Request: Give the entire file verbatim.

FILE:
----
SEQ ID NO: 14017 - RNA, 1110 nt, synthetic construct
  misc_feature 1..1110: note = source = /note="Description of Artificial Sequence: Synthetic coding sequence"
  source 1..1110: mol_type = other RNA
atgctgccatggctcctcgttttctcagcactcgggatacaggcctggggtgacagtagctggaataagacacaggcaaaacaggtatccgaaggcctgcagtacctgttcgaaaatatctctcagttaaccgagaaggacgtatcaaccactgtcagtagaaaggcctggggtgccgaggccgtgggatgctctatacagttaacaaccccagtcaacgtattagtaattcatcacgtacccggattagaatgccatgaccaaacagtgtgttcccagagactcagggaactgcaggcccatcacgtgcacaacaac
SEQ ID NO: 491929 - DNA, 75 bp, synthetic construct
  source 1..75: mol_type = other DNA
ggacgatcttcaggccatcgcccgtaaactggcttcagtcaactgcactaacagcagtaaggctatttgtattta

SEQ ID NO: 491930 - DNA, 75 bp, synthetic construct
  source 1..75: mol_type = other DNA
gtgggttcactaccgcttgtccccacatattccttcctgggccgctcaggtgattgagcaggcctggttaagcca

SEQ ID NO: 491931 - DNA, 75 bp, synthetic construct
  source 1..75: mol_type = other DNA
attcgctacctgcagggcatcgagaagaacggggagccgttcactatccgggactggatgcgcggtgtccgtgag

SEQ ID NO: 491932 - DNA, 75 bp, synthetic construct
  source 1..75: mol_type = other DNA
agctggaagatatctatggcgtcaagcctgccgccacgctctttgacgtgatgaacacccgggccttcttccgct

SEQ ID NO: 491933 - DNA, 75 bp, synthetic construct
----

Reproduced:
SEQ ID NO: 14017 - RNA, 1110 nt, synthetic construct
  misc_feature 1..1110: note = source = /note="Description of Artificial Sequence: Synthetic coding sequence"
  source 1..1110: mol_type = other RNA
atgctgccatggctcctcgttttctcagcactcgggatacaggcctggggtgacagtagctggaataagacacaggcaaaacaggtatccgaaggcctgcagtacctgttcgaaaatatctctcagttaaccgagaaggacgtatcaaccactgtcagtagaaaggcctggggtgccgaggccgtgggatgctctatacagttaacaaccccagtcaacgtattagtaattcatcacgtacccggattagaatgccatgaccaaacagtgtgttcccagagactcagggaactgcaggcccatcacgtgcacaacaac
SEQ ID NO: 491929 - DNA, 75 bp, synthetic construct
  source 1..75: mol_type = other DNA
ggacgatcttcaggccatcgcccgtaaactggcttcagtcaactgcactaacagcagtaaggctatttgtattta

SEQ ID NO: 491930 - DNA, 75 bp, synthetic construct
  source 1..75: mol_type = other DNA
gtgggttcactaccgcttgtccccacatattccttcctgggccgctcaggtgattgagcaggcctggttaagcca

SEQ ID NO: 491931 - DNA, 75 bp, synthetic construct
  source 1..75: mol_type = other DNA
attcgctacctgcagggcatcgagaagaacggggagccgttcactatccgggactggatgcgcggtgtccgtgag

SEQ ID NO: 491932 - DNA, 75 bp, synthetic construct
  source 1..75: mol_type = other DNA
agctggaagatatctatggcgtcaagcctgccgccacgctctttgacgtgatgaacacccgggccttcttccgct

SEQ ID NO: 491933 - DNA, 75 bp, synthetic construct